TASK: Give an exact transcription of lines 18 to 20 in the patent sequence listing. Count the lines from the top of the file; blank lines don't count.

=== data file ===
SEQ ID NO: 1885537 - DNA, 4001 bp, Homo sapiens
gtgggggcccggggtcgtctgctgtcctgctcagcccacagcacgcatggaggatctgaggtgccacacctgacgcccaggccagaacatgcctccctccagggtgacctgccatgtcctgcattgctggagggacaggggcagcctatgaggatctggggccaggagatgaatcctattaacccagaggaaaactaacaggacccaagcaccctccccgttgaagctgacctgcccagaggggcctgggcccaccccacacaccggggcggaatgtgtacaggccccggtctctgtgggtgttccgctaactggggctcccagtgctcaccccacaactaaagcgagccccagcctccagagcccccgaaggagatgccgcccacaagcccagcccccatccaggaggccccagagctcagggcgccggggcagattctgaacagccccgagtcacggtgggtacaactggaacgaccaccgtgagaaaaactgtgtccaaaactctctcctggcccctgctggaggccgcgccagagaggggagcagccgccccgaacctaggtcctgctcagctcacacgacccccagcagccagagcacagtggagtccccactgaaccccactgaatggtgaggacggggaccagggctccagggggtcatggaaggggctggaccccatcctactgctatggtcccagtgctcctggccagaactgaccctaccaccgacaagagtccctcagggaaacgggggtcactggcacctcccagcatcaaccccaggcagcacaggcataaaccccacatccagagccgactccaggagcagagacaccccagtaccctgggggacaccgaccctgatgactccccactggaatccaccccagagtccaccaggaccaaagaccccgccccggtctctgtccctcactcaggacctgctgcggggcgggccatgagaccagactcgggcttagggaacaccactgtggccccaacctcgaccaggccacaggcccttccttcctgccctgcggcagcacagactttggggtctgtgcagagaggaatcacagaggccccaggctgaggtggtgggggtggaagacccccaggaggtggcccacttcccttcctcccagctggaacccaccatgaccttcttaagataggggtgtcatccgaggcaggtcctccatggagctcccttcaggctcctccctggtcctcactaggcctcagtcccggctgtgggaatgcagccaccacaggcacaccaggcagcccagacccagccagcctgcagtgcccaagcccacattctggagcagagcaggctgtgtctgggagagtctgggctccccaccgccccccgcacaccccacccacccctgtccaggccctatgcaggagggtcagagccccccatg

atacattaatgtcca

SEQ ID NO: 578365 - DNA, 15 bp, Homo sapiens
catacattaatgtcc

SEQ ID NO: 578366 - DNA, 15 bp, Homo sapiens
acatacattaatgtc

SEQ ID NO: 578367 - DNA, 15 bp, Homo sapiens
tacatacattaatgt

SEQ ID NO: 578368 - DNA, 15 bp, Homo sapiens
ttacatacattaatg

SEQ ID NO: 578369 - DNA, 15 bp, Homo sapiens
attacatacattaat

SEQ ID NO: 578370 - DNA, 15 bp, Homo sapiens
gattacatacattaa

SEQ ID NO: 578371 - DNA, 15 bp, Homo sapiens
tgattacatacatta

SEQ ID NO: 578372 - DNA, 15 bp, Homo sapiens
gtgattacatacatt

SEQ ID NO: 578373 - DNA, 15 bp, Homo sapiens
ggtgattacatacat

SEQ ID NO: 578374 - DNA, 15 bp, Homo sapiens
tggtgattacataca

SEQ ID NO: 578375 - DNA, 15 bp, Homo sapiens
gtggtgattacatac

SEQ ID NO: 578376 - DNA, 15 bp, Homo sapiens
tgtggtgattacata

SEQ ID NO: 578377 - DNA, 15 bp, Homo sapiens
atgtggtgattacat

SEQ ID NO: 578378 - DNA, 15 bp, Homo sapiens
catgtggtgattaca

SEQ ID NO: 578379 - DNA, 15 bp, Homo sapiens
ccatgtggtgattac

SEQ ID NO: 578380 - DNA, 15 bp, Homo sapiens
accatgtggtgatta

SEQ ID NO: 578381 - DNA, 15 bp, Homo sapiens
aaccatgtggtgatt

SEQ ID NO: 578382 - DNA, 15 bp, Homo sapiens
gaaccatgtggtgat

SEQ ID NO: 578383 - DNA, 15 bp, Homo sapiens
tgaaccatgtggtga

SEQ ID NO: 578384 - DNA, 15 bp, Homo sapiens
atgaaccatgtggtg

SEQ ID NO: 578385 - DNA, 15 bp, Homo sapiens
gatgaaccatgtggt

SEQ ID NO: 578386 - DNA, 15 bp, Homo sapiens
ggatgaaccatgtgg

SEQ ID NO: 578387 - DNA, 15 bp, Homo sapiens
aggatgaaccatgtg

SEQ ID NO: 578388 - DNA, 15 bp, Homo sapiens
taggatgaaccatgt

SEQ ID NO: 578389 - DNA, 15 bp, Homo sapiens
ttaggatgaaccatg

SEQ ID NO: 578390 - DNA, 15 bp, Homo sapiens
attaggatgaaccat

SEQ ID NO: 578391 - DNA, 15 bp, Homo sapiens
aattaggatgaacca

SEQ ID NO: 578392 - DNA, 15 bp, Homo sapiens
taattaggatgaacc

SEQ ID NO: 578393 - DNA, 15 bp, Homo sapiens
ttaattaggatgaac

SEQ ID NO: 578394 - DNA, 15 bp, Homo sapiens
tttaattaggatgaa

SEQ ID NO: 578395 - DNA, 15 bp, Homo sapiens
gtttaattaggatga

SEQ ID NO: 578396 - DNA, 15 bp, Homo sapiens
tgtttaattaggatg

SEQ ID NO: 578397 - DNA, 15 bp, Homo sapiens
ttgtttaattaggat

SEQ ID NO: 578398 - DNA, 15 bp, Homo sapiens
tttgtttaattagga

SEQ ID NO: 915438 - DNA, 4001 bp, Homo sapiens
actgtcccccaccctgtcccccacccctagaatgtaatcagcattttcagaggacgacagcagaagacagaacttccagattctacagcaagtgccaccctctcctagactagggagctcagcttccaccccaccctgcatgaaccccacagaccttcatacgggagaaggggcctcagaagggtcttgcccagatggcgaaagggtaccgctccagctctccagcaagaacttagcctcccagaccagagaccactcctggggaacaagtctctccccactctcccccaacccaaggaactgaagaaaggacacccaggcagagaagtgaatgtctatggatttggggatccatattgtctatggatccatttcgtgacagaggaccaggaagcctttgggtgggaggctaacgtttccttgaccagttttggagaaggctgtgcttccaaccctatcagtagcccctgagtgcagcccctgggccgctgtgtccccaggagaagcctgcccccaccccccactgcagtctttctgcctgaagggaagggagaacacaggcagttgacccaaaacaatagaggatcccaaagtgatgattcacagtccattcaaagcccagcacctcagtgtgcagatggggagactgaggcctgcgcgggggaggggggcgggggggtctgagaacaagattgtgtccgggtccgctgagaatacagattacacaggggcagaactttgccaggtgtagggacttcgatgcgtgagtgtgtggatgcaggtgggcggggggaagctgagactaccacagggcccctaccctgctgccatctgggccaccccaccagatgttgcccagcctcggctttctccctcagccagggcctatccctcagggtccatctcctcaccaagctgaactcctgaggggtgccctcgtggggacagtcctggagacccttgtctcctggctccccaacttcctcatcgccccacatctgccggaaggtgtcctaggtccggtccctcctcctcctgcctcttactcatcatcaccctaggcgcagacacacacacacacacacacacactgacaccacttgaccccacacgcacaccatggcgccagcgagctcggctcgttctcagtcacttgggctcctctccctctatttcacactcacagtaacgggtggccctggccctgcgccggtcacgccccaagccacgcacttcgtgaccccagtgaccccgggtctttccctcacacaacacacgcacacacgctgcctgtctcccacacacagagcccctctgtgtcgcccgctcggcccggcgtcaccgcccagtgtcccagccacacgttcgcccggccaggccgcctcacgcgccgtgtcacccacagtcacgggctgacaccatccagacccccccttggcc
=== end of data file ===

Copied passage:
SEQ ID NO: 578372 - DNA, 15 bp, Homo sapiens
gtgattacatacatt

SEQ ID NO: 578373 - DNA, 15 bp, Homo sapiens